[2018 EDIT: I'm still slightly in shock. Ursula Le Guin was simply one of my favourite writers; a constant companion throughout my reading life. Everything she wrote is worth reading. However perhaps it's worth going beyond these same things that everyone recommends (excellent though they are) to work that people don't read enough or underrate. You could read the Hainish novels. “The Left Hand of Darkness” and “The Dispossessed” aren't the first of these. City of Illusions (1967) is perhaps the most Taoist of them all, and does provide a kind of underpinning for many of the others. For my money, the novella, “The Word for World is Forest” (1976), is also one of the best: a brilliant anti-colonial eco-political fable. Then there are her short stories. And don’t get me started on Earthsea…] ( )
  antao | Dec 8, 2018 |
Every person who is a writer, or who wants to be a writer, should not only read this book but should keep it on their desk - full of sentences underlined and notes in paragraphs. I submit this is an essential read. ( )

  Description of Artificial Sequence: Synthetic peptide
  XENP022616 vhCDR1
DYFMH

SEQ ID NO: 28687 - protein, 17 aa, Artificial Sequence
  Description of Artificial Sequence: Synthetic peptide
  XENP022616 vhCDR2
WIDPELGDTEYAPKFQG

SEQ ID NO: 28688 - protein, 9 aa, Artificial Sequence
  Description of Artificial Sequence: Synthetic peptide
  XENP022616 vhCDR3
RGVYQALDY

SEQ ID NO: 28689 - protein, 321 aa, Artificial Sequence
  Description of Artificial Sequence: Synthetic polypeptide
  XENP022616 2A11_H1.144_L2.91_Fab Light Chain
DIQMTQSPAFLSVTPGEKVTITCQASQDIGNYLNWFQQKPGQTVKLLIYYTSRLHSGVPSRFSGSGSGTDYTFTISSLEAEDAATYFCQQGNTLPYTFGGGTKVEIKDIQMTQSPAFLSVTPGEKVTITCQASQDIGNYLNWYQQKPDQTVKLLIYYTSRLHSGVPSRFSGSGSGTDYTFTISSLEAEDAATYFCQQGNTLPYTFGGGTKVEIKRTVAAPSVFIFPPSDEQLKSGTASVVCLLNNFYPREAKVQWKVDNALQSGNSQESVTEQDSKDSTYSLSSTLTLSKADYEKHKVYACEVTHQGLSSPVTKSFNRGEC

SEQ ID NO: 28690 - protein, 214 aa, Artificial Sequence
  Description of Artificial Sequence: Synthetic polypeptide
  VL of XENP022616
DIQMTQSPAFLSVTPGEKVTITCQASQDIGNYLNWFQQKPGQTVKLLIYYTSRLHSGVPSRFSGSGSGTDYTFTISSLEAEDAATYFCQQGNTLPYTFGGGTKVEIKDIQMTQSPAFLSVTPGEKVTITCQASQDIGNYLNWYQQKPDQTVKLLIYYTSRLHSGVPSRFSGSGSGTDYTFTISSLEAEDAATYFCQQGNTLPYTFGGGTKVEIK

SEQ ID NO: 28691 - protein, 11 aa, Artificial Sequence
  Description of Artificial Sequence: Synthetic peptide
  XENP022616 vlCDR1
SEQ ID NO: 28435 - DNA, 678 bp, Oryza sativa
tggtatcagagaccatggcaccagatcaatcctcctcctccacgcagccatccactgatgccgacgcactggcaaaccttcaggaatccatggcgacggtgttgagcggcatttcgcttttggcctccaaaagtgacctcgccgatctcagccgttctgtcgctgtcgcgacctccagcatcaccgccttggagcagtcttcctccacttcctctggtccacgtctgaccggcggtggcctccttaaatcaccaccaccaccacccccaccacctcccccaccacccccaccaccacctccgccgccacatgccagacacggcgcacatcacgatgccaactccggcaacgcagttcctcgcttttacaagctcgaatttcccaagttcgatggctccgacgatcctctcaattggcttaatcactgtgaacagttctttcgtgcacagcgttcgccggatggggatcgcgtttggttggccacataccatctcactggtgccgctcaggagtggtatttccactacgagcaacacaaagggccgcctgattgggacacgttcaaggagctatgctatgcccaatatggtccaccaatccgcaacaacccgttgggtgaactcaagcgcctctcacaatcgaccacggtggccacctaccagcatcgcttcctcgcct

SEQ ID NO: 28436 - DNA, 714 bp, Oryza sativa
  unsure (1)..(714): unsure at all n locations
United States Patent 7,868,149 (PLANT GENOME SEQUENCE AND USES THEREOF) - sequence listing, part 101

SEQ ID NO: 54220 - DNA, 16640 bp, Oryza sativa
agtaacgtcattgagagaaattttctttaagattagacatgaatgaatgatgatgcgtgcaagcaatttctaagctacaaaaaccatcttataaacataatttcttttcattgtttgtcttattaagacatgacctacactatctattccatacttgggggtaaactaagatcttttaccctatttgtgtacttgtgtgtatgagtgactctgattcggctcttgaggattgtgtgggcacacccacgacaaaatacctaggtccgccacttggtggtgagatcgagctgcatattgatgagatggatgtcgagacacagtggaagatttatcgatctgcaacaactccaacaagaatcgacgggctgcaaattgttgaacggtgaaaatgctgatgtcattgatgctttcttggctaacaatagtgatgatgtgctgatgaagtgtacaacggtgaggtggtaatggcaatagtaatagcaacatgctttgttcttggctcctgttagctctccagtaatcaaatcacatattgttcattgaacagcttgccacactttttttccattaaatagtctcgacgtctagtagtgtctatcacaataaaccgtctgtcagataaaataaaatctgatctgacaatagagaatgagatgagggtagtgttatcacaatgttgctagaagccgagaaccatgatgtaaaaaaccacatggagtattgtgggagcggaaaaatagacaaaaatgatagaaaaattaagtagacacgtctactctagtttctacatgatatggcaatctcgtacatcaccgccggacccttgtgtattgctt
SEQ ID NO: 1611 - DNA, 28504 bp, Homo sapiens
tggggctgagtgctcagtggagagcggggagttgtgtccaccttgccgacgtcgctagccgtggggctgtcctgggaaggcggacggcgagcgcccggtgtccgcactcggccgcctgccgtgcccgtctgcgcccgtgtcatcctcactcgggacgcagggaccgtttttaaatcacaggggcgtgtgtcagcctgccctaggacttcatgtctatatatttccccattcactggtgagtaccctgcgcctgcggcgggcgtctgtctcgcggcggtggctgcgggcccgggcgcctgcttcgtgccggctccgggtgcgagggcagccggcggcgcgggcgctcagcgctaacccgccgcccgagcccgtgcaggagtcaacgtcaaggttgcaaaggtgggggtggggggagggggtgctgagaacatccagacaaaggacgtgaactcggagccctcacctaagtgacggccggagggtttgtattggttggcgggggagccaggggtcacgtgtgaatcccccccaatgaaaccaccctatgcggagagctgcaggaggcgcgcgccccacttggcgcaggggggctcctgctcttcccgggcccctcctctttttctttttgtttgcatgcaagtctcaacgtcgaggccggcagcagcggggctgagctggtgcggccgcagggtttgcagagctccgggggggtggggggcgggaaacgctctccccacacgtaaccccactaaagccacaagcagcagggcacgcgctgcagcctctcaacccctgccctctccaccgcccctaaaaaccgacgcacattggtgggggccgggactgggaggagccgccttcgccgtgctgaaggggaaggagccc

mysterymax | Jun 19, 2018 |
The essays by Le Guin in this book are mostly forty years old, but still well worth reading. Le Guin's thoughts and concerns about literature are thought-provoking, insightful and well thought out. ( )
  nmele | Sep 9, 2017 |
This was another very interesting non-fiction book by Le Guin. If you read much in ANY genre, this book will make you think about genre itself in new ways. If you do academic work with literature, this is definitely even more worth it.

Reread some of this in late 2012. ( )
  amaraduende | Mar 30, 2013 |
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Author nameRoleType of authorWork?Status
Ursula K. Le Guinprimary authorall editionscalculated
Wood, SusanIntroductionsecondary authorsome editionsconfirmed
Wood, SusanEditorsecondary authorsome editionsconfirmed
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INTRODUCTION
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Susan Wood
Those who refuse to listen to dragons are probably doomed to spend their lives acting out the nightmares of politicians.
A Citizen of Mondath
One evening when I was about twelve I was looking through the living room bookshelves for something to read, and pulled out a little Modern Library book, in the old limp leather binding; it had a queer title, A Dreamer's Tales.
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A Nebula and Hugo Award-winning writer of science fiction presents a collection of essays that explores the various issues, concepts, challenges, and paradoxes that confront the science fiction writer.